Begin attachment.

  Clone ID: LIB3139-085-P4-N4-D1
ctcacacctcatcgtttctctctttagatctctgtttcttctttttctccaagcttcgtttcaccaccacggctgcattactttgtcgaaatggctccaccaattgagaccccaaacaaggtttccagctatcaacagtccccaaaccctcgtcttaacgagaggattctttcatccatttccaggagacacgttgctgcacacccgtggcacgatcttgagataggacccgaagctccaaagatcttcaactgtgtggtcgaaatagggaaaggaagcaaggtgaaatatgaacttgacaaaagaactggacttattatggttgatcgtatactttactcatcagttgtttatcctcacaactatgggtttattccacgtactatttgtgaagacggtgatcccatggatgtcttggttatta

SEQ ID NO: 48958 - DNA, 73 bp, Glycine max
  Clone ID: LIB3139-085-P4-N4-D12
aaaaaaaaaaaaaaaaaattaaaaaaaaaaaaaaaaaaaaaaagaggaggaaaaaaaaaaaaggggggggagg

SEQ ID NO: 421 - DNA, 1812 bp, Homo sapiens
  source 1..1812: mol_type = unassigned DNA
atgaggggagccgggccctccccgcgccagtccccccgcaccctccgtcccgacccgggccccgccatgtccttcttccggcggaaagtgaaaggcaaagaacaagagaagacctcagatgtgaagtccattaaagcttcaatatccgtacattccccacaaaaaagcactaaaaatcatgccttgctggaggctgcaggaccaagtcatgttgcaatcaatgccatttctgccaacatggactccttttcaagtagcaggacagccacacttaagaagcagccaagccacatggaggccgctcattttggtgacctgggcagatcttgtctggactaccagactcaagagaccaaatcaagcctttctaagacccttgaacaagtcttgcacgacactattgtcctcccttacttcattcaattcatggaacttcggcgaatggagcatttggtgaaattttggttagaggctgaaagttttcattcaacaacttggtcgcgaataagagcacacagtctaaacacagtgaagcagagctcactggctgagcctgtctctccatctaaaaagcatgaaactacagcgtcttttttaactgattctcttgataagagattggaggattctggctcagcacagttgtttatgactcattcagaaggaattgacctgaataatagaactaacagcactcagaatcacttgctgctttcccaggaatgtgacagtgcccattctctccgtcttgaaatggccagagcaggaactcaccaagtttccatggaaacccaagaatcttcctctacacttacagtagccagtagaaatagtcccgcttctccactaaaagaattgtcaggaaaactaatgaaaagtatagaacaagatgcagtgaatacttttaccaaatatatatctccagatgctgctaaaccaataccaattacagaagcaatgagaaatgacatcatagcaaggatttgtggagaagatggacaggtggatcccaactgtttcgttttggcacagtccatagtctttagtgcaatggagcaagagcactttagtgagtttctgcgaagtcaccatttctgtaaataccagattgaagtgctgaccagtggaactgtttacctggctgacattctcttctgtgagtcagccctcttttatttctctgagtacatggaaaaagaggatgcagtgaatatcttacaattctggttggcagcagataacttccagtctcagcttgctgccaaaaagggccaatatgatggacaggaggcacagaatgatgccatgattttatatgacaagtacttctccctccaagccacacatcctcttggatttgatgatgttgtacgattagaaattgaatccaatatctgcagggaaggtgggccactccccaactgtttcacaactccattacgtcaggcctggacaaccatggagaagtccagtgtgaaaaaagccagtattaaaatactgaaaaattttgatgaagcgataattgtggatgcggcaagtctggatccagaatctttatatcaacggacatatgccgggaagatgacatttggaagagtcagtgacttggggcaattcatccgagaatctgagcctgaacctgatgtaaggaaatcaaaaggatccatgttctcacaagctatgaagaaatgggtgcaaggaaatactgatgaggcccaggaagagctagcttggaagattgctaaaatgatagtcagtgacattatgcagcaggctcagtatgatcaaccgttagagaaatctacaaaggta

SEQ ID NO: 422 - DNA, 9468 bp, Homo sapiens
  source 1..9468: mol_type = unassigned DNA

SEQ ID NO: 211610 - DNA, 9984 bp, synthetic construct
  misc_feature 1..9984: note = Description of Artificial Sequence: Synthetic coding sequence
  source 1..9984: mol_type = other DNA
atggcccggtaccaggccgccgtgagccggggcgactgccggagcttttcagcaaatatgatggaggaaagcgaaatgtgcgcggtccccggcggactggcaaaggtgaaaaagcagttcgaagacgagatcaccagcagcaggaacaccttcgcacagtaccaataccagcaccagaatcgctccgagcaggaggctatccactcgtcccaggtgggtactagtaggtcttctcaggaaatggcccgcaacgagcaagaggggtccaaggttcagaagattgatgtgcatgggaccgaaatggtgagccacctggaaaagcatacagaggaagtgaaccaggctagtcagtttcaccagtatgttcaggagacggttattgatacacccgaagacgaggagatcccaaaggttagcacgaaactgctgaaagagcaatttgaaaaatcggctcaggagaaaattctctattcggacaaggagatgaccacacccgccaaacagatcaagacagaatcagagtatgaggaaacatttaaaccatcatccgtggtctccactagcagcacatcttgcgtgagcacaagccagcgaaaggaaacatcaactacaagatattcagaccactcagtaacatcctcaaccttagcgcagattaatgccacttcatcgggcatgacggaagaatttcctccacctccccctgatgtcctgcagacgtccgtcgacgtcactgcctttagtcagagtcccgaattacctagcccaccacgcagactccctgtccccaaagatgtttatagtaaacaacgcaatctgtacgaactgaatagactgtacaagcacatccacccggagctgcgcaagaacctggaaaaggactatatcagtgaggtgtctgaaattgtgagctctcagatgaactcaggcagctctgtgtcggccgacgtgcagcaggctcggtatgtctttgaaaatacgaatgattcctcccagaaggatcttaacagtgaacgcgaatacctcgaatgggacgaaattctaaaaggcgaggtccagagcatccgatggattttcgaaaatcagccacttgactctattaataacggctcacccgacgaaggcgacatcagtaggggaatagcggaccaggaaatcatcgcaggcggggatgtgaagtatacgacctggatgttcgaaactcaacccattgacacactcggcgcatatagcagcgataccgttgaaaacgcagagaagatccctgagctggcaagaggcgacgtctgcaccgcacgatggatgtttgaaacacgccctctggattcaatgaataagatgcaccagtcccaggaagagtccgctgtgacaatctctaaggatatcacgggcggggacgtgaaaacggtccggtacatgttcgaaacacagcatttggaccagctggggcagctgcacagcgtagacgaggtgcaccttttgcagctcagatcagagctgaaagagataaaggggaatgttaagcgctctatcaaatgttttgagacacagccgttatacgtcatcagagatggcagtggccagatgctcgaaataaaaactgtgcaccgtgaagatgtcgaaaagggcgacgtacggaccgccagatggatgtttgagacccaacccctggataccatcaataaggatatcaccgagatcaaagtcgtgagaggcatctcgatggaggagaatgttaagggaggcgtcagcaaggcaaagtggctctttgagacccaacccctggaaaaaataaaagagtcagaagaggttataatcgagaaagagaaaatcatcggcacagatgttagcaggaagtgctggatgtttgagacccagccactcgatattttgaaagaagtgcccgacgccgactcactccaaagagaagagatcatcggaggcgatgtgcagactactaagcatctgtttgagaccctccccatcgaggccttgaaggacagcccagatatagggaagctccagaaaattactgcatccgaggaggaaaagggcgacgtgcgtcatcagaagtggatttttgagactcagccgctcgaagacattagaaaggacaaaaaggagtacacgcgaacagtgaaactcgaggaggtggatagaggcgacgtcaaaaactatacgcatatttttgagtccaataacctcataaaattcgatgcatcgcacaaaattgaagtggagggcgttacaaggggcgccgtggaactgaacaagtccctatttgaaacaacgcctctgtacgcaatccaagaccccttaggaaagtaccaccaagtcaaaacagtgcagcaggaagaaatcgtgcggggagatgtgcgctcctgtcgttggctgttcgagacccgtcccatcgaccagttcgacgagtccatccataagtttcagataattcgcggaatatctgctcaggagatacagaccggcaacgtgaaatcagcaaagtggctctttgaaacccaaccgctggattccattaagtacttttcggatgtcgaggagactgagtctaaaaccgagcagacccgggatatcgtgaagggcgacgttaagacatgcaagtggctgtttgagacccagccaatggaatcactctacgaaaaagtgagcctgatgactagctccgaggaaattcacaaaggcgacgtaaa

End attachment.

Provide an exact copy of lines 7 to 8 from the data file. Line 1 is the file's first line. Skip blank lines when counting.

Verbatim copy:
  source 1..1812: mol_type = unassigned DNA
atgaggggagccgggccctccccgcgccagtccccccgcaccctccgtcccgacccgggccccgccatgtccttcttccggcggaaagtgaaaggcaaagaacaagagaagacctcagatgtgaagtccattaaagcttcaatatccgtacattccccacaaaaaagcactaaaaatcatgccttgctggaggctgcaggaccaagtcatgttgcaatcaatgccatttctgccaacatggactccttttcaagtagcaggacagccacacttaagaagcagccaagccacatggaggccgctcattttggtgacctgggcagatcttgtctggactaccagactcaagagaccaaatcaagcctttctaagacccttgaacaagtcttgcacgacactattgtcctcccttacttcattcaattcatggaacttcggcgaatggagcatttggtgaaattttggttagaggctgaaagttttcattcaacaacttggtcgcgaataagagcacacagtctaaacacagtgaagcagagctcactggctgagcctgtctctccatctaaaaagcatgaaactacagcgtcttttttaactgattctcttgataagagattggaggattctggctcagcacagttgtttatgactcattcagaaggaattgacctgaataatagaactaacagcactcagaatcacttgctgctttcccaggaatgtgacagtgcccattctctccgtcttgaaatggccagagcaggaactcaccaagtttccatggaaacccaagaatcttcctctacacttacagtagccagtagaaatagtcccgcttctccactaaaagaattgtcaggaaaactaatgaaaagtatagaacaagatgcagtgaatacttttaccaaatatatatctccagatgctgctaaaccaataccaattacagaagcaatgagaaatgacatcatagcaaggatttgtggagaagatggacaggtggatcccaactgtttcgttttggcacagtccatagtctttagtgcaatggagcaagagcactttagtgagtttctgcgaagtcaccatttctgtaaataccagattgaagtgctgaccagtggaactgtttacctggctgacattctcttctgtgagtcagccctcttttatttctctgagtacatggaaaaagaggatgcagtgaatatcttacaattctggttggcagcagataacttccagtctcagcttgctgccaaaaagggccaatatgatggacaggaggcacagaatgatgccatgattttatatgacaagtacttctccctccaagccacacatcctcttggatttgatgatgttgtacgattagaaattgaatccaatatctgcagggaaggtgggccactccccaactgtttcacaactccattacgtcaggcctggacaaccatggagaagtccagtgtgaaaaaagccagtattaaaatactgaaaaattttgatgaagcgataattgtggatgcggcaagtctggatccagaatctttatatcaacggacatatgccgggaagatgacatttggaagagtcagtgacttggggcaattcatccgagaatctgagcctgaacctgatgtaaggaaatcaaaaggatccatgttctcacaagctatgaagaaatgggtgcaaggaaatactgatgaggcccaggaagagctagcttggaagattgctaaaatgatagtcagtgacattatgcagcaggctcagtatgatcaaccgttagagaaatctacaaaggta